Liturgical Worship

Worship at Community of the Savior fits within the liturgical tradition of the Christian church, while exploring new modes of expression in music and form. Sunday worship is structured around the historic four-fold pattern of Gathering, Word, Table, and Sending Forth. The summit of Sunday worship is the weekly celebration of the Eucharist in which our spiritual lives are nourished by the real presence of Christ.

The Seasons of the Church Year organize our life together around the rhythms of the Gospel. These seasons are augmented by a lectionary of Scripture readings that seeks to ensure that the major portions and themes of the Bible are read and taught over a 3-year cycle.

The church year begins with Advent, a 4-week season of preparation that proclaims the various comings of Christ, whose birth and incarnation we celebrate at Christmas, who comes continually in Word and Spirit, and whose return in final victory we await and anticipate. Each year, Advent calls the community of faith to prepare for these comings. The traditional color for the Advent season is purple, signifying both the penitence called for as we prepare our hearts for Christ’s coming, and the royalty of the coming King. In recent years, some churches have also begun to use blue as the color for Advent, in order to signify the hopefulness of the season and to distinguish the emphasis of Advent from that of Lent.

Christmas is a 12-day season of praise and thanksgiving for the incarnation of God in Jesus Christ. The season begins on Christmas Eve or Day and continues through the Day of Epiphany. The name Christmas comes from the celebration of a feast time for the birth of Jesus—the Christ Mass—a practice that first arose in the 4th century. Epiphany comes from the Greek word epiphania, which means “manifestation” or “appearing.” The liturgical colors for the Christmas season are white, signifying purity and holiness, and gold, signifying majesty and joy in the presence of God.

The Season after Epiphany is a season of Ordinary Time, which includes four to nine Sundays, depending on the date of Easter. The Gospel readings for the season center on stories from the early ministry of Christ. The First Sunday after Epiphany focuses on the Baptism of Christ and the Last Sunday on the Transfiguration. The normal color for Ordinary Time is green, symbolizing the growth of the kingdom of Christ. The color for the first and last Sundays is white in celebration of two highlights of our Lord’s early ministry, his baptism and transfiguration.

Lent is a season of forty days, not counting Sundays, which begins on Ash Wednesday and ends on Holy Saturday. Lent comes from the Anglo-Saxon word lencten, which refers to the lengthening of days as winter turns to spring. In the historic church, Lent became a season of preparation for celebrating Easter. The season began as a period of fasting and preparation for baptism by new believers, and then became a time for penance by all Christians.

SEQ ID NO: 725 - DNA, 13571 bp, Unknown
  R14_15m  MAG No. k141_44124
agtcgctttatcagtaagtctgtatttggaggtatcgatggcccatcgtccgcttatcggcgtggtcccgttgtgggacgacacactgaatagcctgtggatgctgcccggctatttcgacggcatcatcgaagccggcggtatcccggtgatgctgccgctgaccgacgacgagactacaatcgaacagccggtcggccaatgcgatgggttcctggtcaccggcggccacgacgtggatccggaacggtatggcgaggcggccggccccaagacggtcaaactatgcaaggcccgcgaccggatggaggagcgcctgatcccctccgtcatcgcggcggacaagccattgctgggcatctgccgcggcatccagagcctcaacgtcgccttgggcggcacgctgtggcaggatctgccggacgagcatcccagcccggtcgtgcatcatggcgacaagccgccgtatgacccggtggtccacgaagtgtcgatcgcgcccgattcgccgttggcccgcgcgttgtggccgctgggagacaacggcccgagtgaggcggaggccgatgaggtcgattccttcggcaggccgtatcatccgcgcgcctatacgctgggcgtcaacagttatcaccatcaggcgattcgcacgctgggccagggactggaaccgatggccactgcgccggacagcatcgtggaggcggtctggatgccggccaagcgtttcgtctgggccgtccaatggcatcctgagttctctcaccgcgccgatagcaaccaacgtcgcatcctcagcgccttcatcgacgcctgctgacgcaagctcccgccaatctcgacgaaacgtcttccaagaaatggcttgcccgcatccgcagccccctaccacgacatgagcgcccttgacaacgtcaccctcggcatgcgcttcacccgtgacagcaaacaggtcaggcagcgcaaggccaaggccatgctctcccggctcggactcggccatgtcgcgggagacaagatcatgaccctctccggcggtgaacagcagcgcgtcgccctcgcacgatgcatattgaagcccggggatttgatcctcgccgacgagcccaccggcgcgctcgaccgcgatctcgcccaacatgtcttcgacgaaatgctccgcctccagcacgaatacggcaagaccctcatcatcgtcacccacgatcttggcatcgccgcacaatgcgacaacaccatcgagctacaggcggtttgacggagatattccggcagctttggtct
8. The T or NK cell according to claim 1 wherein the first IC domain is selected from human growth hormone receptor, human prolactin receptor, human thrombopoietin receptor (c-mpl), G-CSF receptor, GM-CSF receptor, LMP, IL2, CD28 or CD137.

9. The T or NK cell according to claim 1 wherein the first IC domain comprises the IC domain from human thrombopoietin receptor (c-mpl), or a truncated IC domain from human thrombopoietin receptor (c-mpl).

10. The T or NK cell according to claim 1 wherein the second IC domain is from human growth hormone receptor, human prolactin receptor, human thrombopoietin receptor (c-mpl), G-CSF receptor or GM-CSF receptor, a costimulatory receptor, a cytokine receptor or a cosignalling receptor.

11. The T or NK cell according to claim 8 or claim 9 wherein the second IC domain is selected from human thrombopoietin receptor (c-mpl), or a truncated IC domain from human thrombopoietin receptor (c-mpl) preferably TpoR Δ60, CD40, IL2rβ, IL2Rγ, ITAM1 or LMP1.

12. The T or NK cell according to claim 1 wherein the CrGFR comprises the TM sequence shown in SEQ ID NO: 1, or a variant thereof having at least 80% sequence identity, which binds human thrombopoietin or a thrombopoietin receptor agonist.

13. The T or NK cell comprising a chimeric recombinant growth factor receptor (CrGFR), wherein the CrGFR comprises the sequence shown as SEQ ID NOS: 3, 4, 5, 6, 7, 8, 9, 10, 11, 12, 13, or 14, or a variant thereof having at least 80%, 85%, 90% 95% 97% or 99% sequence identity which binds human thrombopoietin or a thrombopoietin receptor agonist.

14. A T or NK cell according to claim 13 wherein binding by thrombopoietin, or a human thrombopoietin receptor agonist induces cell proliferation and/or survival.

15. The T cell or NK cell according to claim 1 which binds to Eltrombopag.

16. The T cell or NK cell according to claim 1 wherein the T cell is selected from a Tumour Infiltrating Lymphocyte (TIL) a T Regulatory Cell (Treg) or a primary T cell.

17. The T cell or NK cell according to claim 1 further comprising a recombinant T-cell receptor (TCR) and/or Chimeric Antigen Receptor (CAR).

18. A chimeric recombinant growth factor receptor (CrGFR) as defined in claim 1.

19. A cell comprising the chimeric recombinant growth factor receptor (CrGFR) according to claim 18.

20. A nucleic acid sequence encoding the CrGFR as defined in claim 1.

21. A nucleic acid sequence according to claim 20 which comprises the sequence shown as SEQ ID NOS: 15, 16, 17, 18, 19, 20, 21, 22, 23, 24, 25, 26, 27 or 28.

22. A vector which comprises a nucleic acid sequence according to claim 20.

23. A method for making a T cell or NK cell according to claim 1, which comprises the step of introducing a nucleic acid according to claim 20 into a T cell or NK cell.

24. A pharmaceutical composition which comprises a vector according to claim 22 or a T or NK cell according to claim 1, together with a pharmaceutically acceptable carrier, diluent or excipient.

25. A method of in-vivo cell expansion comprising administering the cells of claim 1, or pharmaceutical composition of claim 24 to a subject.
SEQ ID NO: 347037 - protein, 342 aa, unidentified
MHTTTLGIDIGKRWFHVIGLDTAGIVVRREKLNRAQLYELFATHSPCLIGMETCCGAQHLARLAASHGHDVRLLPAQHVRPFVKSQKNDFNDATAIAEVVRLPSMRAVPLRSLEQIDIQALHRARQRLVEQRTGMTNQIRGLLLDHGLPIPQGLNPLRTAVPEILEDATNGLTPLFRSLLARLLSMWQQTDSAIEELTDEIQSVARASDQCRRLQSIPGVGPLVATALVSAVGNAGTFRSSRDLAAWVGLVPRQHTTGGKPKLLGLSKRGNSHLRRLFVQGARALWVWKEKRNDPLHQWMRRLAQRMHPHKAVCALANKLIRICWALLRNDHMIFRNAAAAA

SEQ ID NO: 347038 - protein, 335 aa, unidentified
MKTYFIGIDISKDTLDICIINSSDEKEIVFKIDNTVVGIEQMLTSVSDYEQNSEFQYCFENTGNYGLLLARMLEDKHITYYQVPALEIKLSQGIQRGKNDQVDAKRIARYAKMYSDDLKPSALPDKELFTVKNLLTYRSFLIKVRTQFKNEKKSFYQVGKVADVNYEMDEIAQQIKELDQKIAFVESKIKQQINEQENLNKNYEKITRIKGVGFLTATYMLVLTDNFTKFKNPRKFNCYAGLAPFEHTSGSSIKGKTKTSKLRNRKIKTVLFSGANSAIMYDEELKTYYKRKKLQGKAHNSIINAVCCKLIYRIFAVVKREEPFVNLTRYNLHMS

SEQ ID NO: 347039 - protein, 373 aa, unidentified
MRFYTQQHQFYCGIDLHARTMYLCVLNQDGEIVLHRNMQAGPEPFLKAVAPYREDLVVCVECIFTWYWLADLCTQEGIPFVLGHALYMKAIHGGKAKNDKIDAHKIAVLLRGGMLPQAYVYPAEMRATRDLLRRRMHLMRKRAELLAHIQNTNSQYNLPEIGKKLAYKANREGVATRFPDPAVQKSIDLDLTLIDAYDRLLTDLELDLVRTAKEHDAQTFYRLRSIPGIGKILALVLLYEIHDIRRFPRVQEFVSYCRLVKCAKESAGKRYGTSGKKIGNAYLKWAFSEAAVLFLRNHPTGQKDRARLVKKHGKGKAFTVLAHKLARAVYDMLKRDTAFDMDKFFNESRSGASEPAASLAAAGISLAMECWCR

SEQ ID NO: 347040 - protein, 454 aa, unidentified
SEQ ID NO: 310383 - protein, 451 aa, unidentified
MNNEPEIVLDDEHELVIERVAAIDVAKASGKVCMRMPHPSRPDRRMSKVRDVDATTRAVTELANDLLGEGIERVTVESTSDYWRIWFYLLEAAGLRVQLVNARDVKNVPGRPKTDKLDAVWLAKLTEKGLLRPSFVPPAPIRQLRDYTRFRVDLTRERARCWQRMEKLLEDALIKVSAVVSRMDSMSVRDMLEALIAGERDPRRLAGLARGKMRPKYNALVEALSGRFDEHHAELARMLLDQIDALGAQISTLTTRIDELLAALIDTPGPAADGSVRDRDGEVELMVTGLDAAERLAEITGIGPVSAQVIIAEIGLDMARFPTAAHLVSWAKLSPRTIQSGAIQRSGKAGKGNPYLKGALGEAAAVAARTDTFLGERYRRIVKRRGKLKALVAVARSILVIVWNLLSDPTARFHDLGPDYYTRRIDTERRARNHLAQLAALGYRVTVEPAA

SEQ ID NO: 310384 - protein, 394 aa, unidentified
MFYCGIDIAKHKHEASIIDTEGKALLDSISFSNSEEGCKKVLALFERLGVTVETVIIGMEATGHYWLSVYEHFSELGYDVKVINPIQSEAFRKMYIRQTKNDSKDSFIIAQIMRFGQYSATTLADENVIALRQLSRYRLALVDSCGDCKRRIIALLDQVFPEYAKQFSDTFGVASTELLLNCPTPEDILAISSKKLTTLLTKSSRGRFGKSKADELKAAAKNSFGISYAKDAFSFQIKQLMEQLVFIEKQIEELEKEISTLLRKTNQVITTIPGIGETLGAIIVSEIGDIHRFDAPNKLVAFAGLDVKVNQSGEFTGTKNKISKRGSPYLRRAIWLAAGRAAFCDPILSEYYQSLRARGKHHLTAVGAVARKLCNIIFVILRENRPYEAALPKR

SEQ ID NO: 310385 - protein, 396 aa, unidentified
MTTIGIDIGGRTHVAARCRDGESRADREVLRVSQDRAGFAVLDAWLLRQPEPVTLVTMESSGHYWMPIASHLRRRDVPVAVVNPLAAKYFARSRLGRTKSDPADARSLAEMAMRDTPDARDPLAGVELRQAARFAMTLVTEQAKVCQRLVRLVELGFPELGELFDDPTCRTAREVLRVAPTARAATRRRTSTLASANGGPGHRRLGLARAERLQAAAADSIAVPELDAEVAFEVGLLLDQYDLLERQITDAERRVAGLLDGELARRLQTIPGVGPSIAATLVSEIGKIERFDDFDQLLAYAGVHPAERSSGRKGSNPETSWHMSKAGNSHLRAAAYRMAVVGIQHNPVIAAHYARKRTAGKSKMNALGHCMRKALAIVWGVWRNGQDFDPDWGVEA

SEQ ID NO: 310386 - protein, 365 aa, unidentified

The Easter Season, also known as the Great Fifty Days, begins at sunset Easter Eve and continues through the Day of Pentecost. It is the most joyous and celebrative season of the Christian year. It focuses on Christ’s resurrection and ascension and on the giving of the Holy Spirit on the first Easter (John 20:22-23) and on the Day of Pentecost (Acts 2). The ancient Christian name for this festival is Pasch, derived from the Hebrew pesach (“deliverance” or “passover”), thus connecting the Resurrection with the Exodus. The traditional liturgical colors for the season are white, signifying purity and holiness, and gold, signifying the majesty and joy of the presence of God.

The Season after Pentecost, also called Ordinary Time, begins the day after Pentecost and ends the day before the First Sunday of Advent. The lectionary readings for the Season after Pentecost cycle through books of the Bible in a semi-continuous fashion. The gospel readings focus on the teaching ministry of Jesus and tend to center on the theme of the kingdom and reign of God. This is a season of living into our discipleship to Jesus Christ. It is a season of considering what it means to embrace the call to life in Christ in the midst of the ups and downs of our regular lives. The traditional color for the season is green.

Portions adapted from The United Methodist Book of Worship, © 1992

For further information about the Church Year and the Revised Common Lectionary, see